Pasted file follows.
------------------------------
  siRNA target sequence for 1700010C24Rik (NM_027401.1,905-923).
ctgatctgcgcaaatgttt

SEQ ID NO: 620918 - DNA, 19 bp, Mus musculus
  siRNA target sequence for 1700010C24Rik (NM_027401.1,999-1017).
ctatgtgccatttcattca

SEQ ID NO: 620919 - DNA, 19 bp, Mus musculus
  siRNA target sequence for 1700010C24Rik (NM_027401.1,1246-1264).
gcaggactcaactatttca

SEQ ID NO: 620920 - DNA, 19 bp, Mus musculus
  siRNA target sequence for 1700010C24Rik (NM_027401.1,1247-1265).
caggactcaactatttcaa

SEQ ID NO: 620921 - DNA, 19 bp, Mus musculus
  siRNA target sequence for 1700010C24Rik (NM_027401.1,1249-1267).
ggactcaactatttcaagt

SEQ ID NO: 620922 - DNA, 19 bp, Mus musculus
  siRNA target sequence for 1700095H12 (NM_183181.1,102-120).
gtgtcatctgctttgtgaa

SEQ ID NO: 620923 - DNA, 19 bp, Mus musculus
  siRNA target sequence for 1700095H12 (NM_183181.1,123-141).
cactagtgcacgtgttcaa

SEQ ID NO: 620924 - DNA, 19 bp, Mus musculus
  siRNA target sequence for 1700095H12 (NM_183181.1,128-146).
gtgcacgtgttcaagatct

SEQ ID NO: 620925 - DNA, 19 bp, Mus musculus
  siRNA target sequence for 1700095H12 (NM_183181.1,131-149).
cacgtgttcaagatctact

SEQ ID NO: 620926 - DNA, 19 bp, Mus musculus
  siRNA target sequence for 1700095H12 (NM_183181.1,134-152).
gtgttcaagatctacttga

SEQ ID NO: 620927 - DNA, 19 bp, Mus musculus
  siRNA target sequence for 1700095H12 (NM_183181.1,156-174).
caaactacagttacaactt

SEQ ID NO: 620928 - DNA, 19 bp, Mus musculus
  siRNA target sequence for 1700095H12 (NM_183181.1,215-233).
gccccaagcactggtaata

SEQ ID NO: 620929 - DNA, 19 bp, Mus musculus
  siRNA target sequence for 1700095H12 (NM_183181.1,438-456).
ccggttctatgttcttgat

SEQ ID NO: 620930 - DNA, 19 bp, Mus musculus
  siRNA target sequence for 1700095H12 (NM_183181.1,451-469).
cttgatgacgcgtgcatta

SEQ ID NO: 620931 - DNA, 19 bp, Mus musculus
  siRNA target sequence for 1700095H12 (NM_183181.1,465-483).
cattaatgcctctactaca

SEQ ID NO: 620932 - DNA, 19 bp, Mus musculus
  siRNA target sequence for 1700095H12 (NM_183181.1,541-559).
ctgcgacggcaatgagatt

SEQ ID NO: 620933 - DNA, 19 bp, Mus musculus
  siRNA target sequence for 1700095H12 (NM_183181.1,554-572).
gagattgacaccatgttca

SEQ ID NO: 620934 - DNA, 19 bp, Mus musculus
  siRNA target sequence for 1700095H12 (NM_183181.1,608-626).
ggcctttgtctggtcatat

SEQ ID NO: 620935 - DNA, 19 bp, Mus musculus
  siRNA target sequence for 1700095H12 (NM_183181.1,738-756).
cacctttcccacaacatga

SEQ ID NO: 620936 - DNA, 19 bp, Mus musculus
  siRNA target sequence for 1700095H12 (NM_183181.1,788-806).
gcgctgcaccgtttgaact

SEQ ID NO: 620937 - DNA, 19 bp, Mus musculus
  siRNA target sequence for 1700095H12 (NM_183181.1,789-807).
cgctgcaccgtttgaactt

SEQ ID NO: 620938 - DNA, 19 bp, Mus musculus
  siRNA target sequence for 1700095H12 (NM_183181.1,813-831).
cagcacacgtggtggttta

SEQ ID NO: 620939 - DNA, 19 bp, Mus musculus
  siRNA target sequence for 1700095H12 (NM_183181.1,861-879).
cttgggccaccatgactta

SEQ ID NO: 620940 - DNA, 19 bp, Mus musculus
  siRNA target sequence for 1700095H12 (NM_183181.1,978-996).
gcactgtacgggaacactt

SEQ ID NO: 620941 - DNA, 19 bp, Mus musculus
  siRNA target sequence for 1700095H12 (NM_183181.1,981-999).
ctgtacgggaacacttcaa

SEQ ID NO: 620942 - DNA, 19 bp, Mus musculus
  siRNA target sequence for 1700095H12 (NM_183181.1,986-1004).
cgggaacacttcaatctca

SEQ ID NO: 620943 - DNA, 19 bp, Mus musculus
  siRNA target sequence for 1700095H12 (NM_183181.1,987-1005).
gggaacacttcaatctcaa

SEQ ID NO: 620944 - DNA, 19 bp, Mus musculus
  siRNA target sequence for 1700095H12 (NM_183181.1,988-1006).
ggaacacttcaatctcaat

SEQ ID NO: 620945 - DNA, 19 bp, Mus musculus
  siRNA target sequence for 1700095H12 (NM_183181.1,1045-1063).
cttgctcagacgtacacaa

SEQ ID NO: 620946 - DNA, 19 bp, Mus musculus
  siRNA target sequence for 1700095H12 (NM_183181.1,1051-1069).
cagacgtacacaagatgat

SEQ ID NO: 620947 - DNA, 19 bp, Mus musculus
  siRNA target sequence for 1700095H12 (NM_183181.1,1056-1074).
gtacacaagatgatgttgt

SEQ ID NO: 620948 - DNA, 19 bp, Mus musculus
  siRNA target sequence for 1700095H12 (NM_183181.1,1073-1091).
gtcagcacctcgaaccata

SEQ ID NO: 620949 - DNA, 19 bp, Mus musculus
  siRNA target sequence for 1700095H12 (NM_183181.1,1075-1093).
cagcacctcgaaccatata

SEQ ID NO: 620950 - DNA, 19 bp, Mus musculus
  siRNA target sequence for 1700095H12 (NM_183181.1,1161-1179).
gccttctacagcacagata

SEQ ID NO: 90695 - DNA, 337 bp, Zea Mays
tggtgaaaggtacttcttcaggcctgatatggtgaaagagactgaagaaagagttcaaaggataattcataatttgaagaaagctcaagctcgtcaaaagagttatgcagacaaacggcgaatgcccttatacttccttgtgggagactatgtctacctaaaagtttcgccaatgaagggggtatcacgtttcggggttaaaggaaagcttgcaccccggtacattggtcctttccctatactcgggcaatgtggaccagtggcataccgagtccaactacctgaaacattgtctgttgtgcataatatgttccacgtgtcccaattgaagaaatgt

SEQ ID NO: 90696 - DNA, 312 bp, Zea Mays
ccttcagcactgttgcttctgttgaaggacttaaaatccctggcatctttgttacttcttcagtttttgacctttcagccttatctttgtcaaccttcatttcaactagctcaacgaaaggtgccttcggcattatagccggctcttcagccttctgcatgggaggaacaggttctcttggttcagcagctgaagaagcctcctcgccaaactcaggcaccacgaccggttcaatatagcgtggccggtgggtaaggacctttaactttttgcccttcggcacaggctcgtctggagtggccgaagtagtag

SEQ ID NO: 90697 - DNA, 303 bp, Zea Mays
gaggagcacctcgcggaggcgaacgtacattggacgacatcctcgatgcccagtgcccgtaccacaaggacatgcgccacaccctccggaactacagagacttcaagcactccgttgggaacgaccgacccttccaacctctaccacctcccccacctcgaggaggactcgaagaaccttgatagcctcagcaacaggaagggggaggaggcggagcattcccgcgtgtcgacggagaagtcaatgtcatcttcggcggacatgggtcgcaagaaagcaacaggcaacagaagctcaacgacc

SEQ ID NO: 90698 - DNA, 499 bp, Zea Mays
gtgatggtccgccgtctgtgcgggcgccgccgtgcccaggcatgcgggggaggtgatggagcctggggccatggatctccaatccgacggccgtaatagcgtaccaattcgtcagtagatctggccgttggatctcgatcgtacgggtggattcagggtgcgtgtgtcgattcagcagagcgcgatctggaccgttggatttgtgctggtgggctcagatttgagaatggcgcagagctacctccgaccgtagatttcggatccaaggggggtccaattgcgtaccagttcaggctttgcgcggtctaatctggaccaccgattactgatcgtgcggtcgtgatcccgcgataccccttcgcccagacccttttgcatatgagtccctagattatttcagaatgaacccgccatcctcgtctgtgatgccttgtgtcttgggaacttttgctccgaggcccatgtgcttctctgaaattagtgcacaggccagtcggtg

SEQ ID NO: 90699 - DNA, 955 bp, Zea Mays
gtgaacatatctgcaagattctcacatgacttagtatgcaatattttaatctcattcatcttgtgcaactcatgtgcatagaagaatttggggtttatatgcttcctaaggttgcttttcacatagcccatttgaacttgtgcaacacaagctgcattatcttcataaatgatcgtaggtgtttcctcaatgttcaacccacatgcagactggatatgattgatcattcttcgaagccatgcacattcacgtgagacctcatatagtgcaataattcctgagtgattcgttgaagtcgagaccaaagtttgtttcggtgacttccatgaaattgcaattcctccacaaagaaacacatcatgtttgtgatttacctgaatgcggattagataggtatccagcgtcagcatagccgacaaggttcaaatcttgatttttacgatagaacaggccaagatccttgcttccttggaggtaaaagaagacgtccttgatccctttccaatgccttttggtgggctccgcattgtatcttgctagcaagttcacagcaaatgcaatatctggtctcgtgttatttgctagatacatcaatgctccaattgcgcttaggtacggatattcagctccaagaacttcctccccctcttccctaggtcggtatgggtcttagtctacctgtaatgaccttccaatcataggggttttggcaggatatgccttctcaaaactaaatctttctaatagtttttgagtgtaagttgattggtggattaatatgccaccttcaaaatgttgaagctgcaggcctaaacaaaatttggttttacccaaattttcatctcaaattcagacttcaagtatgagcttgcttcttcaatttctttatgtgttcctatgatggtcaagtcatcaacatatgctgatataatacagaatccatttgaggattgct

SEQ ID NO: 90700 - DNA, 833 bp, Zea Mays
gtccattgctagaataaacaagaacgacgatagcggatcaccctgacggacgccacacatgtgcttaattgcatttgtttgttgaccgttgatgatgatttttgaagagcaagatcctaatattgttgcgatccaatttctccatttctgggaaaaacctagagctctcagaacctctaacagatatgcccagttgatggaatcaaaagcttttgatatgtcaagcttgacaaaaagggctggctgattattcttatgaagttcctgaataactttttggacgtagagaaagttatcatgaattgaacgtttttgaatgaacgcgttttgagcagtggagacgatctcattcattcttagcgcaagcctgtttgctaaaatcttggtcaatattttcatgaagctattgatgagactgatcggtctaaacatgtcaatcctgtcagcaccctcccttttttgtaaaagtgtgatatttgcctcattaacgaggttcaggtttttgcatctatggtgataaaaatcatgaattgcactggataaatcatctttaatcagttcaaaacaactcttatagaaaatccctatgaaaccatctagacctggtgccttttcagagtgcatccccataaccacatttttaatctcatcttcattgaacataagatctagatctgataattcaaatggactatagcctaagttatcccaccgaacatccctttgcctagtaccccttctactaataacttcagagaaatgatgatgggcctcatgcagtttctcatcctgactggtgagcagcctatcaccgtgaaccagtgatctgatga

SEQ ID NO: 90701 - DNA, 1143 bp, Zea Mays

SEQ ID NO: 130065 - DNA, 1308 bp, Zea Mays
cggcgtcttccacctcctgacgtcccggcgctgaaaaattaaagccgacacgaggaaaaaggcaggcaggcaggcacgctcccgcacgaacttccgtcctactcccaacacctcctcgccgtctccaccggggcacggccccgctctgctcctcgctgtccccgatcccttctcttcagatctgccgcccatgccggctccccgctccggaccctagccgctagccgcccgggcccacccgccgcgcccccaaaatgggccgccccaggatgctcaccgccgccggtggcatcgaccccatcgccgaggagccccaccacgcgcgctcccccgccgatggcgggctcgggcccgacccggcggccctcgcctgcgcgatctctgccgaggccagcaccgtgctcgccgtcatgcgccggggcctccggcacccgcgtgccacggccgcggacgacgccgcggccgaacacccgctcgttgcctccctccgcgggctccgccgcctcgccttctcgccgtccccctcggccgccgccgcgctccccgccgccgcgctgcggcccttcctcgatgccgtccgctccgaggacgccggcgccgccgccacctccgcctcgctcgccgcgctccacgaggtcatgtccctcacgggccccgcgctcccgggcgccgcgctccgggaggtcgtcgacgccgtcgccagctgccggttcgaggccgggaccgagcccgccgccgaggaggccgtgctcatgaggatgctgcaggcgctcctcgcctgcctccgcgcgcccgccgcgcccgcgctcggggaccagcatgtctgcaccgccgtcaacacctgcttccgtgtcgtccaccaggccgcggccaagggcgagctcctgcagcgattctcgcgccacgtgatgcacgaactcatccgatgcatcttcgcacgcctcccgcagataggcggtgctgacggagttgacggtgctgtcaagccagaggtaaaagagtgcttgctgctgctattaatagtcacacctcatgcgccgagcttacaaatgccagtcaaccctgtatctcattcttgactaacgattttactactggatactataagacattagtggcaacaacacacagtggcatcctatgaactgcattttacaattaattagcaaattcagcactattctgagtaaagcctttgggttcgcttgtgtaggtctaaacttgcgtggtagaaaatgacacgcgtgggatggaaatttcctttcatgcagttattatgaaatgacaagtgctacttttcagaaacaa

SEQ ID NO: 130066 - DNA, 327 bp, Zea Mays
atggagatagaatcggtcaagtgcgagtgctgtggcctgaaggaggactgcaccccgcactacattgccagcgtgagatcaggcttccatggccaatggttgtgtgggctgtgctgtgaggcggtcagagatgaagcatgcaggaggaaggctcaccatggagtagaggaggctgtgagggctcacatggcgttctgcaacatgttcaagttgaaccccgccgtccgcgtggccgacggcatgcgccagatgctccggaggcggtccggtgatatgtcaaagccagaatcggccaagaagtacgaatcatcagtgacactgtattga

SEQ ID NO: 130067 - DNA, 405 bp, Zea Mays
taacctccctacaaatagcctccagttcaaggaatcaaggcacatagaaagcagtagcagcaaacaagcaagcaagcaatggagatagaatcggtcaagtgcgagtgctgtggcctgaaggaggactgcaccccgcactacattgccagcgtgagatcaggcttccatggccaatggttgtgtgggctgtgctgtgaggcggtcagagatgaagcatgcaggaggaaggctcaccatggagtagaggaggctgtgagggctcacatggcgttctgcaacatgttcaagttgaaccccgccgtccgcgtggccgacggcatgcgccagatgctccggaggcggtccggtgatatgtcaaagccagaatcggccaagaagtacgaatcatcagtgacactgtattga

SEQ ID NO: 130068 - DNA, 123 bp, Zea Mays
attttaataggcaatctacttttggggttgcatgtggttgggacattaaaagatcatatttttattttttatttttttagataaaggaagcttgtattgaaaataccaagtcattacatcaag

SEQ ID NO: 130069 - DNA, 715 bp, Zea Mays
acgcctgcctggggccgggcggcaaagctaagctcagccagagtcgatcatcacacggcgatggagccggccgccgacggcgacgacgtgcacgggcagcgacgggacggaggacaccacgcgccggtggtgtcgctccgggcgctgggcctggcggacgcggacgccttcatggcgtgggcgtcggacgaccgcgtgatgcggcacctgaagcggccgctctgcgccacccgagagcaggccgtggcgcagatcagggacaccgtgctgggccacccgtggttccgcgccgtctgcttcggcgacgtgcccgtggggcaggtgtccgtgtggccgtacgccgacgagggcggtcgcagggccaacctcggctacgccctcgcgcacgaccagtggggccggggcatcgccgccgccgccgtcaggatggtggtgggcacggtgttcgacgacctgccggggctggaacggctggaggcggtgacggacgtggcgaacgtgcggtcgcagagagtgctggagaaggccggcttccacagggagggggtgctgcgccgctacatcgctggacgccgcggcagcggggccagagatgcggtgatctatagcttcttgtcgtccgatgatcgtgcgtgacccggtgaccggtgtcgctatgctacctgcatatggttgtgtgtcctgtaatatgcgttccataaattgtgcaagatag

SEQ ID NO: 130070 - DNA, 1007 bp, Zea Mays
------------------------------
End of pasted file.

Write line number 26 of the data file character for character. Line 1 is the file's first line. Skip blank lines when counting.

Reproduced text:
cacgtgttcaagatctact